[0022] Additional objects and advantages of the invention are set forth in part in the description which follows, and in part are obvious from the description, or may be learned by practice of the invention. The objects and advantages of the invention also may be realized and attained by means of the instrumentalities and combinations particularly pointed out in the appended claims. These include physical implementations of the multilevel computer security method that can be easily applied to existing personal computers. This would allow an existing personal computer to be easily converted to a computer with multi-level security.

BRIEF DESCRIPTION OF THE DRAWINGS

[0023] The accompanying drawings, which are incorporated in and constitute a part of the specification, illustrate preferred embodiments of the invention, and together with the description serve to explain the principles of the invention.

[0024]FIG. 1 is a block diagram of the multilevel computer security system with two removable drives and one fixed drive serves to explain the principles of the invention;

[0025]FIG. 2 is a block diagram of the multilevel computer system having additional circuitry for controlling access to specific assets within a security subsystem and the computer;

[0026]FIG. 3 is a block diagram of the Power Control Interface Circuit Card; and

[0027]FIG. 4 is a block diagram of the Removable Memory Power Control Interface Assembly.

DETAILED DESCRIPTION OF THE PREFERRED EMBODIMENTS

[0028] Reference now is made in detail to the present preferred embodiments of the invention, examples of which are illustrated in the accompanying drawings, wherein like reference numerals indicate like elements throughout the several views.

[0029] The present invention provides a controlled removal of power from computer components, such as those that are directly connected to power via the computer motherboard or cables connected to the computer power supply, through the utilization of power control interface devices. The power control interface devices are capable of being controlled based on the selected security level. Discussion is first directed to a multilevel security system, with reference to FIGS. 1 and 2. Then discussion is directed to the power control interface devices, with reference to FIGS. 3 and 4, which are used with the multilevel security system.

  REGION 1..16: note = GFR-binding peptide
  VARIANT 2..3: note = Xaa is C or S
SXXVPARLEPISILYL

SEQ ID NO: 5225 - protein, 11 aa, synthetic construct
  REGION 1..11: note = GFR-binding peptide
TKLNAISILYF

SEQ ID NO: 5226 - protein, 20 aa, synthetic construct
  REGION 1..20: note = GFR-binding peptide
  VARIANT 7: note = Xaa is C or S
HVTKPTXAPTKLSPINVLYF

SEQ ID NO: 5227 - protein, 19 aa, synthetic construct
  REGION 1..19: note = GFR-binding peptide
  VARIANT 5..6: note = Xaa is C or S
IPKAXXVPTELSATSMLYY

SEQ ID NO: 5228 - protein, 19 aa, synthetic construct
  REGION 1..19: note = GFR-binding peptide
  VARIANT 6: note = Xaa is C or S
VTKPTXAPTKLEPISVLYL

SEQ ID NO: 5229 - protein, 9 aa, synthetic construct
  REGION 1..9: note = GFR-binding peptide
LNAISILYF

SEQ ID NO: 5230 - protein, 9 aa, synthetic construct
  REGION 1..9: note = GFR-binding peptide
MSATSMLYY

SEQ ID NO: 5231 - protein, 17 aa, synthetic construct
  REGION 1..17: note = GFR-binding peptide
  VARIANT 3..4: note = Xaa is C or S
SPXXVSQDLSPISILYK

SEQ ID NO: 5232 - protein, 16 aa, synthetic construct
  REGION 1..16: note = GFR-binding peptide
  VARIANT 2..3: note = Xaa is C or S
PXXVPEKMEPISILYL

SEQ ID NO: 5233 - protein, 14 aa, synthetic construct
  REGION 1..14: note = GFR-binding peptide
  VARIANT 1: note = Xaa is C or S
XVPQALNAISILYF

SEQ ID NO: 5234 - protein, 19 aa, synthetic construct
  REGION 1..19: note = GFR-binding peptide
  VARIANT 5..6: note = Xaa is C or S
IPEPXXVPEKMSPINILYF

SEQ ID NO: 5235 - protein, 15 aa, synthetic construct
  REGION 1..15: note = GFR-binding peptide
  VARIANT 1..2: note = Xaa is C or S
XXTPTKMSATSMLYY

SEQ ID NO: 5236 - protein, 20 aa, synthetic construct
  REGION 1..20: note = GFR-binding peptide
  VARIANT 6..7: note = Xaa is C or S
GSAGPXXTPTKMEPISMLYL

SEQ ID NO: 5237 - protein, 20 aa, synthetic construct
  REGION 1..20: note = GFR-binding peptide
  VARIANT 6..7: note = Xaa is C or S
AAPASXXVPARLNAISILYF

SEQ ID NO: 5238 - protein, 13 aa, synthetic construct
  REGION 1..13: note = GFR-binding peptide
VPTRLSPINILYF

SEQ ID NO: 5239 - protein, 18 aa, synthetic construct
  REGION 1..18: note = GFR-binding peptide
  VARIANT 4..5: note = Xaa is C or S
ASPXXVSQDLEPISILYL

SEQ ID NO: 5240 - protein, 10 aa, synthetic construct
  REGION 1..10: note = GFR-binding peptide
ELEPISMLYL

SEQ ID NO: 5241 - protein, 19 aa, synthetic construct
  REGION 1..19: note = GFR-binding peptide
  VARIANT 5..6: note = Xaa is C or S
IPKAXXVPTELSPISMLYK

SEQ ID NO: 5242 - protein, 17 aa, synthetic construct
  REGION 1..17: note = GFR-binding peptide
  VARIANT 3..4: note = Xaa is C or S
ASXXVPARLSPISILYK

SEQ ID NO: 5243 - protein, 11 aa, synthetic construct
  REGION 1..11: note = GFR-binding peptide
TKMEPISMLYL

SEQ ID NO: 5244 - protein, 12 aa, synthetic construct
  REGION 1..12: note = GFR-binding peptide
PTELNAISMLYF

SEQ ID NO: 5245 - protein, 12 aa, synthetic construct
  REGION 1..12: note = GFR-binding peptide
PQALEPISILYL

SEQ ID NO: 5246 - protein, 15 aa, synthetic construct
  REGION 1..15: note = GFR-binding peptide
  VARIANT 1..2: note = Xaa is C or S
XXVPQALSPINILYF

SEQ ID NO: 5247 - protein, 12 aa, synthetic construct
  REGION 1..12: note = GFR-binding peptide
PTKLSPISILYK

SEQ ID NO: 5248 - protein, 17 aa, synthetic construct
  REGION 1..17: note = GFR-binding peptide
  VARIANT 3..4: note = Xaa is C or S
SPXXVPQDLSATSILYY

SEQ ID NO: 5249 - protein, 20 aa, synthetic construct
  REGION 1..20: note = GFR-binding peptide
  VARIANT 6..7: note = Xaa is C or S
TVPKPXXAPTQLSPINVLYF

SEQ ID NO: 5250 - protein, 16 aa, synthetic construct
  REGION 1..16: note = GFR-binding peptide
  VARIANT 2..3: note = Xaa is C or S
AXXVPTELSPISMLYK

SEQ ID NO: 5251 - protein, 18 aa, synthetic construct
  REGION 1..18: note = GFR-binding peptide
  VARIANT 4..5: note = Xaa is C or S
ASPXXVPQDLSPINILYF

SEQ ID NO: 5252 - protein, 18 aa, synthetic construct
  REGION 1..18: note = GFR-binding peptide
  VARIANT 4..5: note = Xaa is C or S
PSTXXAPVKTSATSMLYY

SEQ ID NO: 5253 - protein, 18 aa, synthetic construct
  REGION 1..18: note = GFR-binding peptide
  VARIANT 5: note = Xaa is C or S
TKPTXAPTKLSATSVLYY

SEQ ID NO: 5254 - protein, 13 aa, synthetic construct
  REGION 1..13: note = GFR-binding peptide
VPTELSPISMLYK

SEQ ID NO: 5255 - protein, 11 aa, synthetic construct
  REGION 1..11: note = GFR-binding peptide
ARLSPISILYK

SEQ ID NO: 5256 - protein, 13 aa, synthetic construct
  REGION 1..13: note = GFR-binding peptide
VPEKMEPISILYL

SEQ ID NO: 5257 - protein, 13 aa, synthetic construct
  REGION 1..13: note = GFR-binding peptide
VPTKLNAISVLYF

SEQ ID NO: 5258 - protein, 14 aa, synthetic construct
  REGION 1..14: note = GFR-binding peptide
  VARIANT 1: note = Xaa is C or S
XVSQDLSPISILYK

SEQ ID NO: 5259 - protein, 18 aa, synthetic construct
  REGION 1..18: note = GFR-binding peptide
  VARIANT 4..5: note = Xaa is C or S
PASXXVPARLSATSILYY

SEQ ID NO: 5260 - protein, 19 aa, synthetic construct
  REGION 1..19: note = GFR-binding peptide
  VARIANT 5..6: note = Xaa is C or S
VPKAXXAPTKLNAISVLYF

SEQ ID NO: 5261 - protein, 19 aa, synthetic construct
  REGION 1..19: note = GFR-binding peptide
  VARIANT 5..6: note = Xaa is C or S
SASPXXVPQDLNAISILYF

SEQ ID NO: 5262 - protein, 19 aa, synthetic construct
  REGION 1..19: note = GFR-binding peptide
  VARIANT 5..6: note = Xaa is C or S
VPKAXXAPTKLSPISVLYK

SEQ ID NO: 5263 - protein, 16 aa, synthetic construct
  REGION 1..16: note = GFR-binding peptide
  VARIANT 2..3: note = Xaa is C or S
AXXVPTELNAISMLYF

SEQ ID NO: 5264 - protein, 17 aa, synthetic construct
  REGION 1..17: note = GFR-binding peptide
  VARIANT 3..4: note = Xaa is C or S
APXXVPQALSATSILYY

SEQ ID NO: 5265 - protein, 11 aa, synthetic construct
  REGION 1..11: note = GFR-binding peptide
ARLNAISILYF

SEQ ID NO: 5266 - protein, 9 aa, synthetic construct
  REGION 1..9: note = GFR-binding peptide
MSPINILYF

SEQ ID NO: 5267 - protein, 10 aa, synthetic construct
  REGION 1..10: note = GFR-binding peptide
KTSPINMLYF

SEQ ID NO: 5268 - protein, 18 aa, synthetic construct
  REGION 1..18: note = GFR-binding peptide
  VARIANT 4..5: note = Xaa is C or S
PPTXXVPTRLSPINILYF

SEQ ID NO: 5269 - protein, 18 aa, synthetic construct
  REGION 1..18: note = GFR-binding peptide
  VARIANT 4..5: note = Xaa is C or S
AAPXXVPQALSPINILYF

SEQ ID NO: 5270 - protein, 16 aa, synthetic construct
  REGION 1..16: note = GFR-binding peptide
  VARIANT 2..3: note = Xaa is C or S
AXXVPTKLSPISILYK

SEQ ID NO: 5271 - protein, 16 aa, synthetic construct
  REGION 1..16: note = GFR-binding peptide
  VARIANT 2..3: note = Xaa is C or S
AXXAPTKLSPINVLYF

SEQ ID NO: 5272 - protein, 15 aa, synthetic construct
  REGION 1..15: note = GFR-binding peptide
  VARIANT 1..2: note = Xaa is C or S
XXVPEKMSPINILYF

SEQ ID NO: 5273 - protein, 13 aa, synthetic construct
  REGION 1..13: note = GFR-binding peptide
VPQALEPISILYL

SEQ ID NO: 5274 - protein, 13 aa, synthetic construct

[0030] As illustratively shown in FIG. 1, a multilevel computer security system is provided, comprising a core computer 55, a first security subsystem 51, a second security subsystem 52, a smart card reader 31, a first electronically-activated switch R1, and a first mechanically-activated-sensor switch S1. The core computer 55 typically has, as a minimum, a central processor unit (CPU), random access memory (RAM), and a power supply 20. Additional read-only memory devices, such as a compact disk (CD) drive, are included within the computer as are any data interfaces to an external display and keyboard. The CPU is coupled to and controls the operation of the devices and data interfaces within the core computer and the security subsystems that are used for data processing, data communications, and data storage.

[0031] The core computer 55 also includes a power supply 20 and a tamper switch 21. The tamper switch 21 disconnects the power to the computer from power supply 20 if access to the computer were attempted through the dismantling of the computer case. The computer employs a disk operating system (DOS), Windows, UNIX, or other system, which are well-known in the art. Each security subsystem has its own disk operating system stored on its memory device. All of the devices in a security subsystem are linked through a parallel power connection to the computer-power supply 20 via an electronically-activated switch, which might be embodied as a relay.

[0032] The first security subsystem 51 has a first memory device 24 for storing data at a first security level, which by definition is an unrestricted security level. The first security subsystem 51 may further have a first modem 25 for providing telecommunications for data at a first security level. A first network interface card 26 also may be included in the first security subsystem as a means to interface with an external data network with data at the first security level. Other memory elements used to read and write data at a first security level may be included in the first security subsystem 51, as required, such as a floppy disk drive 23. A first activation indicator 27 that may be embodied as a first light emitting diode (LED) may be included in the first security subsystem. The first LED indicates when power is switched to the devices within the first security subsystem through a connection to the computer-power supply via first electronically-activated switch R1. The data and control coupling between the computer 55 and first memory device 24, first modem 25 and first network interface card 26 may be through a computer bus, such as PCI bus, SCSI bus, or other computer bus, as is well-known in the art.